5 Tips To Help Homeschoolers Excel On Tests
|We live in a test-crazy world and for many homeschoolers, the test-taking season is upon us. Many of you know Pat Wyman, affectionately known as “America’s Most Trusted Learning Expert.” We have interviewed Pat several times as part of our homeschooling Teleconferences, so we thought we’d ask Pat if she had some easy-to-implement tips that could help homeschoolers do well on any state tests that they may be required to take.
Pat said, “You can give a better learning and testing foundation by treating your children to the inner ‘how to’ of test-taking, so they’re prepared for any type of test. ”
Why? Some states mandate annual tests — reading, spelling and math testing is always in the mix – and your child has to pass their driver’s license test, and of course, if your child applies to college, tests go on for many years.
Plus, great test-takers have an advantage in the ever-changing work world. Life-long tests are a part of licensing and credential programs of any type, and your child may need to pass a test for a work promotion too.
5 Great Tips to Help Your Child Do Well on Tests
1. Tests generally involve reading, so help your child be a great reader, before taking any test. Besides the usual preparation, listen to your child read aloud, and continue doing this several times each year.
Check for any of the following to uncover hidden visual/perceptual problems that may hinder reading success: skipping lines, losing place, not noticing punctuation, adding a word from the line above or below into the current line, changing the order of letters in words, or getting tired quickly when reading.
These can all be signs that your child doesn’t see the printed page the way you do, or is using far more energy than necessary to read their books.
The Tip: Dig deeper than a diagnostic test, giving you only a grade level score. You want to cure the cause. Look online for a developmental optometrist to find the underlying reason for reading problems. These doctors specialize in reading and learning.
In addition, you can help your child be a great reader by turning the print into movies in their mind, speeding recall during any test.
2. Make sure your child’s personal learning style matches the testing format, if you really want to see better test scores. If your child thinks in pictures, and is a visual learner, there’s a match, increasing the odds of much higher scores.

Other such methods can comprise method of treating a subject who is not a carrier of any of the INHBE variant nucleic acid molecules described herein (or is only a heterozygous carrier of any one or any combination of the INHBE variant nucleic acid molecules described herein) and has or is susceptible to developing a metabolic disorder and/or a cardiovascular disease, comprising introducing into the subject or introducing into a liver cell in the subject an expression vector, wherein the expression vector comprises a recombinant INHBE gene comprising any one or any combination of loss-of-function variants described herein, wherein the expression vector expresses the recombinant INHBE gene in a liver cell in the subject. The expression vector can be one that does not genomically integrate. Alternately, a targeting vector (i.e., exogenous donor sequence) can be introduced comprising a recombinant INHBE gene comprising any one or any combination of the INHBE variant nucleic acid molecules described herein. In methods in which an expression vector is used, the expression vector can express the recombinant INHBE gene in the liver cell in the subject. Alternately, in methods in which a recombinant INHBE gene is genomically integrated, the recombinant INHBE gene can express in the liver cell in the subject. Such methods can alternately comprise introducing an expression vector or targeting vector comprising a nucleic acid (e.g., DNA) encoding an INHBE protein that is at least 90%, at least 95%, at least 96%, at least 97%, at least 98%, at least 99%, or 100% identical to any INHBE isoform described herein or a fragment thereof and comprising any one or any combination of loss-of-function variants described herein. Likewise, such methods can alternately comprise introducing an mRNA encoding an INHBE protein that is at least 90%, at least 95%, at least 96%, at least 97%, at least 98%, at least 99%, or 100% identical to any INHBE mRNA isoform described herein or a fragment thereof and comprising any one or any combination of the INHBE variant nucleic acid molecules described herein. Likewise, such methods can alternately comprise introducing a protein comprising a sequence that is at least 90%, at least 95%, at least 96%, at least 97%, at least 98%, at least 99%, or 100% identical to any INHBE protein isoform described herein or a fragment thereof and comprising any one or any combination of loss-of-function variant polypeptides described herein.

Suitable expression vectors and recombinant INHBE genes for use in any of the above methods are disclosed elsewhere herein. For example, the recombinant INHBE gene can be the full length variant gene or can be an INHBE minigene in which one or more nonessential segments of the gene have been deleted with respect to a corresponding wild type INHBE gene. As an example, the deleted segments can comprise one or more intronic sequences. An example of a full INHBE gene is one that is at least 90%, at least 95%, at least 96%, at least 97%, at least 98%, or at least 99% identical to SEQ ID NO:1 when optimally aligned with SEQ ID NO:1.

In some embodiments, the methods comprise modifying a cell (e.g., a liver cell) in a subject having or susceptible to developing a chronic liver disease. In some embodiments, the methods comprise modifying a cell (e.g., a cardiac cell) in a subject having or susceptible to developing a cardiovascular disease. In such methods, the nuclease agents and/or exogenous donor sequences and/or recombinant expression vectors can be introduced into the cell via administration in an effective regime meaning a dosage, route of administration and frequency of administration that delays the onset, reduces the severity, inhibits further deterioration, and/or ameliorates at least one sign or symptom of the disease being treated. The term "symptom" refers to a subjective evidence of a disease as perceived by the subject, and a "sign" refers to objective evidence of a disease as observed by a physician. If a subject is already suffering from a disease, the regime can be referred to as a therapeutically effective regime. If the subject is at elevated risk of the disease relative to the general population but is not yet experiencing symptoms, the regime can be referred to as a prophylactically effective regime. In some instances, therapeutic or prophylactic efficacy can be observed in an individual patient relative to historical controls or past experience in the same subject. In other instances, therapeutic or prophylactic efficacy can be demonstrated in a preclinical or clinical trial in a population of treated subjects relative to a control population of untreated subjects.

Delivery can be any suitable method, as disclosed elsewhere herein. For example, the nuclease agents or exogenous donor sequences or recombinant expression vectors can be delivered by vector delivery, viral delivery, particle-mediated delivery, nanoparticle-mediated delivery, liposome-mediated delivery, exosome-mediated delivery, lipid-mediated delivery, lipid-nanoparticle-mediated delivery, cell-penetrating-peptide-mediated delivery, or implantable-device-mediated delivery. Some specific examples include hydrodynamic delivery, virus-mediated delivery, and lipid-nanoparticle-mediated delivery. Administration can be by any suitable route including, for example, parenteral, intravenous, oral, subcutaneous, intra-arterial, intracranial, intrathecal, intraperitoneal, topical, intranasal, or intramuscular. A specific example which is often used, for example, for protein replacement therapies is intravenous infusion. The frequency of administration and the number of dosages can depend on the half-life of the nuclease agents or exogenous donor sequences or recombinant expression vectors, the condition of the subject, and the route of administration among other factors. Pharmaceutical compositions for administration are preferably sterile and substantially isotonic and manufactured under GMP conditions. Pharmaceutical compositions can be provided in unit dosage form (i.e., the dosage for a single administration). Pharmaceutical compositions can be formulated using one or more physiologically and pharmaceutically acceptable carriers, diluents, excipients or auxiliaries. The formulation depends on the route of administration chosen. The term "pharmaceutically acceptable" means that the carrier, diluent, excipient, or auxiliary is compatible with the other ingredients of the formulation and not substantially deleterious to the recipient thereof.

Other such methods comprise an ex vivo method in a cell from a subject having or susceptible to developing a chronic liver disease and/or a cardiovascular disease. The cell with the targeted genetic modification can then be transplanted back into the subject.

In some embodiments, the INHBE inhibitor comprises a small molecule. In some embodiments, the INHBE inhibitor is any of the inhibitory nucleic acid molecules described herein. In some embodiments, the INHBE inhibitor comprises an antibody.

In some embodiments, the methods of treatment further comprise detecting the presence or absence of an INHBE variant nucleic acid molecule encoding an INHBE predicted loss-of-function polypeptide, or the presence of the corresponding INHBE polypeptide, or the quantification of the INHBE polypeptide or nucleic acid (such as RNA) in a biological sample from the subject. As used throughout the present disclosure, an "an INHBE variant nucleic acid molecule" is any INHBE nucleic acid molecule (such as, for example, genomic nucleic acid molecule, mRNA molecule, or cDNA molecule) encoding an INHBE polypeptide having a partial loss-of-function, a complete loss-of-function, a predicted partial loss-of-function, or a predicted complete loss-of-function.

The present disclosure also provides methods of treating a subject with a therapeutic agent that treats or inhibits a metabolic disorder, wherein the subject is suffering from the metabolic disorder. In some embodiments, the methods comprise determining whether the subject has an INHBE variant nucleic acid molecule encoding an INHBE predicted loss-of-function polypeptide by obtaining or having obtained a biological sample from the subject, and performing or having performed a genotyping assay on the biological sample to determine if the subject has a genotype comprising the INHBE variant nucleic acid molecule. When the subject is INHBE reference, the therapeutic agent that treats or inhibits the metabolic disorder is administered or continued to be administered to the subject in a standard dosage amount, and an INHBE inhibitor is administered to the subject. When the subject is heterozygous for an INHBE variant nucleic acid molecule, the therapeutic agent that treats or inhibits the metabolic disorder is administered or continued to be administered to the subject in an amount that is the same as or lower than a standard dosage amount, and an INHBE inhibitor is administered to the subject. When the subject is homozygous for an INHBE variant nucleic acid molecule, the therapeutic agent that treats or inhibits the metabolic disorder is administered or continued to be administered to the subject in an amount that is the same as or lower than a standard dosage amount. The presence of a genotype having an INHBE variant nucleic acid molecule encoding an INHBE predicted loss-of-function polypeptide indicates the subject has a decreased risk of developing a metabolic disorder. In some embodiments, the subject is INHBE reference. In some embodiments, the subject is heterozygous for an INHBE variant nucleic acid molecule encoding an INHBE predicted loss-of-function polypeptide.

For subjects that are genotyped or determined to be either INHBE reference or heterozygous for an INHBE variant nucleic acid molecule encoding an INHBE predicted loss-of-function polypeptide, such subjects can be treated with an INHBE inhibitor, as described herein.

If your child is auditory and learns best by listening, or kinesthetic, and moves around a lot, there is no match between their learning style and a written test.
The Tip: Add some visual learning strategies, like looking up, above eye-level, and have your child make a mental movie out of everything they read to boost memory, and ultimately, scores on a test.
3. Is your child’s diet affecting behavior and test scores? Food and learning go hand in hand. The experts say eating protein keeps blood sugar levels more stable throughout the day. Studies frequently show that kids who eat a great breakfast, stay more focused and really do get better test scores. The same is true for adults.
The Tip: Nix most of the sugar, add more nuts, lean meats, fish or beans to your child’s diet after a quick talk with your child’s pediatrician to make sure your child can eat these high protein foods.
4. Have you ever asked how your child ‘feels’ when they read, or write? Kids really do love to learn, as long as it isn’t painful. Get to the bottom of anything that makes learning uncomfortable, before thinking your child isn’t unmotivated.
Many kids get labeled as slow learners, learning disordered, ADHD or worse, all because no one knows why learning and test-taking is hard for them. Spend some quality time with your child, and keep asking how they feel about what they’re doing. You’ll be amazed at what you can uncover.
The Tip: Rule out learning problems, speech and language disorders, health concerns, eye and vision issues, etc., just by asking the right expert to test your child.
Ask other parents in your community about books, and references to learning and diagnostic experts so you know for certain if anything is in hindering your child’s learning and test-taking success.
5. What about sleep? Is your child getting enough? Lack of sleep can cause a whole set of learning and even behavior problems. Ask your child how he sleeps, and if you don’t like what you hear or see, keep a diary of your child’s bedtime and sleep habits.
The Tip: Ask your child’s pediatrician if sleep studies can help your child get a better night’s rest, and keep your child more focused on any new learning or any test.
These 5 unique tips will go a long way to removing roadblocks to your child’s success and definitely help your child get better test scores.